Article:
Furnaces vs. Heat Pumps: What’s the Difference?

A gas furnace is often thought to be the most efficient appliance for indoor heating. But is it really?

Heat pumps are becoming a more popular option for home heating and cooling, especially for people who place energy efficiency at the top of their priority list. Many homeowners are still unfamiliar with heat pumps and may be unsure about how they compare to a gas or electric furnace.

In this post, we’ll explore the differences!

Heat Generation

A furnace generates heat in two ways. Gas furnaces burn fuel, such as propane or gas, while electric furnaces create hot air by blowing air through a heating element.

A heat pump draws in heat from the outdoor air and transfers it to the inside. The pump doesn’t generate heat; it absorbs heat and releases it in your home.


Furnaces require a significant amount of square footage inside of a home. One reason for this is that building codes often require a clearance of 30 inches on all sides of the unit for fire safety.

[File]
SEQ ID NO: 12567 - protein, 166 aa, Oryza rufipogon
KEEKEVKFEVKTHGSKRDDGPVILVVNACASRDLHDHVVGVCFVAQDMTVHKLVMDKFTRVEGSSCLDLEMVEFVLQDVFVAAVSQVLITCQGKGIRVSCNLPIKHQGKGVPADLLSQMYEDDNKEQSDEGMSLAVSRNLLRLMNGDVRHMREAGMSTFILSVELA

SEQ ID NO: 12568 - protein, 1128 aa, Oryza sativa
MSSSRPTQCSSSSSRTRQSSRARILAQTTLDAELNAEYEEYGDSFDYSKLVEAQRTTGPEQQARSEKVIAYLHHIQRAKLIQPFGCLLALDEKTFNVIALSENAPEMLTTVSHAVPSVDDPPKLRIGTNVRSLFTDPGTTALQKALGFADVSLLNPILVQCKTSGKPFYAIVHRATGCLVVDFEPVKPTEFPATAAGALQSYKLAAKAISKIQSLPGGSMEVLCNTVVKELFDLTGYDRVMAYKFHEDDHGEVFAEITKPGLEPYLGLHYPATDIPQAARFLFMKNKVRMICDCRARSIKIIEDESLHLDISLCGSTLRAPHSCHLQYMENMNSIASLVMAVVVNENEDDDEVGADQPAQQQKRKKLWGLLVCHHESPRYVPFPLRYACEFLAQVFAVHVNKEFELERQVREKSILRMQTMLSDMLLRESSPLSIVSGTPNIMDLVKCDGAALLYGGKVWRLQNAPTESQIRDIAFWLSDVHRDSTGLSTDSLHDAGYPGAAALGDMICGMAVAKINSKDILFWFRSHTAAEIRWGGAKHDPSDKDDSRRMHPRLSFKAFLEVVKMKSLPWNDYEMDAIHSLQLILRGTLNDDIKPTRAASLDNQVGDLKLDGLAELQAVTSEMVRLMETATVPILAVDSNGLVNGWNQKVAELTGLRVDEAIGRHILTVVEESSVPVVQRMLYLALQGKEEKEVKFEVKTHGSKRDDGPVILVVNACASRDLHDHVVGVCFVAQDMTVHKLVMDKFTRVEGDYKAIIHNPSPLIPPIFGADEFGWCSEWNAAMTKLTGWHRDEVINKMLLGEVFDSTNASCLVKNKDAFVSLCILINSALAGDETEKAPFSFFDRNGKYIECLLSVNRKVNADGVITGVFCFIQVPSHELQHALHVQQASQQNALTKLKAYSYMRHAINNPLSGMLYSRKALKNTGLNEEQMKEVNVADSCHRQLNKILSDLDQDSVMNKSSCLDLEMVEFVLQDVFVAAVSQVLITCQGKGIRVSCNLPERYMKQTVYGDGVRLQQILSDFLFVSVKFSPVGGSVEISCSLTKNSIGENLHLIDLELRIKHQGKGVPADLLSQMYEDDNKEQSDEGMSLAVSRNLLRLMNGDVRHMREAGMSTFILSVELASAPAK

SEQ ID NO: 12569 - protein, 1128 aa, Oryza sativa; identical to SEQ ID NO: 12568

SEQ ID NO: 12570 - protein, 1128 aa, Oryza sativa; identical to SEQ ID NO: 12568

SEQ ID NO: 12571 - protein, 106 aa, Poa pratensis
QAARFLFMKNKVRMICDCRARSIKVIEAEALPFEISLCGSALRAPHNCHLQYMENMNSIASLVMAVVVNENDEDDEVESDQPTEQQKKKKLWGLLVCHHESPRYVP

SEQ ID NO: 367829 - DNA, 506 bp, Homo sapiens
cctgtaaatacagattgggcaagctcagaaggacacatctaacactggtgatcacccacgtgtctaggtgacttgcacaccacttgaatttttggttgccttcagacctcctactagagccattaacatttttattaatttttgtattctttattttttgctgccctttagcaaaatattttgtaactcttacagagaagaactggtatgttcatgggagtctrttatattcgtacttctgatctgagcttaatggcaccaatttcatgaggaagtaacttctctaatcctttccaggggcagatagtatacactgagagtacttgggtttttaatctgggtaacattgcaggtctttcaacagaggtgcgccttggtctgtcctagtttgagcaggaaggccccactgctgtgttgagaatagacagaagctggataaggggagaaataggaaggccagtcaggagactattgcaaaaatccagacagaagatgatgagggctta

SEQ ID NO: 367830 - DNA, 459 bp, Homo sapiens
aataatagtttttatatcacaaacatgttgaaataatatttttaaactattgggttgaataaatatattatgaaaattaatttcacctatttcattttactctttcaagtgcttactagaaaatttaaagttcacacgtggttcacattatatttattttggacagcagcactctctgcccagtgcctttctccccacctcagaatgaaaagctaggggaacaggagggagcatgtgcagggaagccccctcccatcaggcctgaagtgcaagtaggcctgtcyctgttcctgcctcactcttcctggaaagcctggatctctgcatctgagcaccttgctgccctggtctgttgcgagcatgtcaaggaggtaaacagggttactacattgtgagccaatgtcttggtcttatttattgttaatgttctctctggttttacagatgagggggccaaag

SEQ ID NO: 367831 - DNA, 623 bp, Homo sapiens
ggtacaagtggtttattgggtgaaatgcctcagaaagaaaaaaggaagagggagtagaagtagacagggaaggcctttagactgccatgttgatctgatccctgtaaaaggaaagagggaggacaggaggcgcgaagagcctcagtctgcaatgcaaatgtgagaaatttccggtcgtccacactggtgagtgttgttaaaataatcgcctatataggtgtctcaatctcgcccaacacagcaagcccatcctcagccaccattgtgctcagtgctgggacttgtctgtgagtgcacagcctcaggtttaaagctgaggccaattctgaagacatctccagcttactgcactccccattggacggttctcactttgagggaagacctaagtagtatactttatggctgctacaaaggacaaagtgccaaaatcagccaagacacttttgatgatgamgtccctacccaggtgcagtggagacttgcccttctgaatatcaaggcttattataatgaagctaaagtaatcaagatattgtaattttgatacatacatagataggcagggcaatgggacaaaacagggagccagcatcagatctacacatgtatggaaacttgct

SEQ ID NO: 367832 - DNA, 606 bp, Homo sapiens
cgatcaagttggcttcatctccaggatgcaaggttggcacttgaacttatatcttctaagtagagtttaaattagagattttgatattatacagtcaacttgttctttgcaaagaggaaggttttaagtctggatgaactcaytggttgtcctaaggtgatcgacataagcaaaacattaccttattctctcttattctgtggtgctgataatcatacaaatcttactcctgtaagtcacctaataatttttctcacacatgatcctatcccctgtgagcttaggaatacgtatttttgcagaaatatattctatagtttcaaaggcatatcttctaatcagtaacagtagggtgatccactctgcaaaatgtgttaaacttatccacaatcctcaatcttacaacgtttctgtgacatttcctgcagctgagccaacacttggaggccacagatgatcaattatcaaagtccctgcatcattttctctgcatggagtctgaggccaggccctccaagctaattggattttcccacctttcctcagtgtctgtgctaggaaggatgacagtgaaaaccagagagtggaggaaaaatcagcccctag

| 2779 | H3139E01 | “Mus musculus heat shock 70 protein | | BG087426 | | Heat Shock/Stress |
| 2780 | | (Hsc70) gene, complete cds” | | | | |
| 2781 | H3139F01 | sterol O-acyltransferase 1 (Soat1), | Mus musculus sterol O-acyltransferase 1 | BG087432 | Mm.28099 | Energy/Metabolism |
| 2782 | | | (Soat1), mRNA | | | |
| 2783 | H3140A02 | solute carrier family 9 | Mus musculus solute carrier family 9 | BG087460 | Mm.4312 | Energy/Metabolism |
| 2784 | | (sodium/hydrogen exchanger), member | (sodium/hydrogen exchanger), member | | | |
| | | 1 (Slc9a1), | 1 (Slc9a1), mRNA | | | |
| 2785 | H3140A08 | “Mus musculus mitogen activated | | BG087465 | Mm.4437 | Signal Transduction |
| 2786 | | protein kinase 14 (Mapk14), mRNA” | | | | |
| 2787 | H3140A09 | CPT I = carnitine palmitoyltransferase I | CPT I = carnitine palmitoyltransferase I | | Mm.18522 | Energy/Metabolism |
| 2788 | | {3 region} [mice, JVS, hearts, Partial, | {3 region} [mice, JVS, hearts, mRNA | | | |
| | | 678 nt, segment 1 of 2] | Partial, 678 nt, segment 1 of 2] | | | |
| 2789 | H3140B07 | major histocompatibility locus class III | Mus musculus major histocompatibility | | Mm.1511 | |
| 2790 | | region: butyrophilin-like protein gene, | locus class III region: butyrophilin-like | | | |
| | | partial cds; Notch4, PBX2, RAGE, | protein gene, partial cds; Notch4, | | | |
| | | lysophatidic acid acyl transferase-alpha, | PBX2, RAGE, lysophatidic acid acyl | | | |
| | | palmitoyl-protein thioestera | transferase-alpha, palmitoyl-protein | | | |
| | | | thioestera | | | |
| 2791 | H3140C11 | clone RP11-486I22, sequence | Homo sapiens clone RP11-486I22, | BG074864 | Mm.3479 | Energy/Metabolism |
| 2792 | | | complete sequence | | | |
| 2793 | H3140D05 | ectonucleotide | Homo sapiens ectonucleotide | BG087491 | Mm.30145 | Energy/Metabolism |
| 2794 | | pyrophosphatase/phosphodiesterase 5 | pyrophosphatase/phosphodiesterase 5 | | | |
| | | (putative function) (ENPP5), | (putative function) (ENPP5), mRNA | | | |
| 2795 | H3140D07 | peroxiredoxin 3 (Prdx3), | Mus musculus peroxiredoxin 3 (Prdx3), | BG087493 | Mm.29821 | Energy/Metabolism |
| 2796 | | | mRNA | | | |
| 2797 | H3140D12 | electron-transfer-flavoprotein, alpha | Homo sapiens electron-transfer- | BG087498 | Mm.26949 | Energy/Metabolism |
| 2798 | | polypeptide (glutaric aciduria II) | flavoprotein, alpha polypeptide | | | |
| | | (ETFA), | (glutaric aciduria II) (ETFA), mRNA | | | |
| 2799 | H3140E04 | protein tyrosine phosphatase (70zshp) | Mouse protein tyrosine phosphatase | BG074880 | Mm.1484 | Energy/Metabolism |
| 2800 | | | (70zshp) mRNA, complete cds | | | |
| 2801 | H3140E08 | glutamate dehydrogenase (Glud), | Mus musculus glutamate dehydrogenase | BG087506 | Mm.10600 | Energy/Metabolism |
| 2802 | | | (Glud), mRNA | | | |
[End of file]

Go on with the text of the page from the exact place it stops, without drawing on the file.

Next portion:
A heat pump is configured similarly to an air conditioner. Part of the system — the compressor — is located outdoors. The indoor component is smaller than a furnace, and since it doesn’t use combustible fuel, no additional safety clearance is required.

Cost of Operation

Since the heat pump does not require fuel to generate heat and needs only a small amount of electricity to operate, it uses much less energy than a traditional furnace. Exact costs depend on your climate and usage, but on average, a heat pump costs about one-third the price to operate when compared to a propane furnace.

Doing Double Duty

A furnace has one job—to heat! But a heat pump warms your home during the winter months and cools it during summer. By reversing the flow and pressure of refrigerant running through the coils, a heat pump also does the job of an air conditioner. The ability to heat and cool makes heat pumps a cost-effective option.

Which Is Best?

There are many advantages to using a heat pump over a furnace, but they’re not for everyone. While heat pumps do still work in cold weather, they may not provide enough heat for those who live in regions affected by severe winter weather. And if your region charges more for electricity than it does for propane or gas, a heat pump may not be cost-effective for you.

If you need a new heating system or have questions about heat pump installation, give Cascade Mechanical a call. We can help you assess which heating solution meets the needs of your home and usage habits.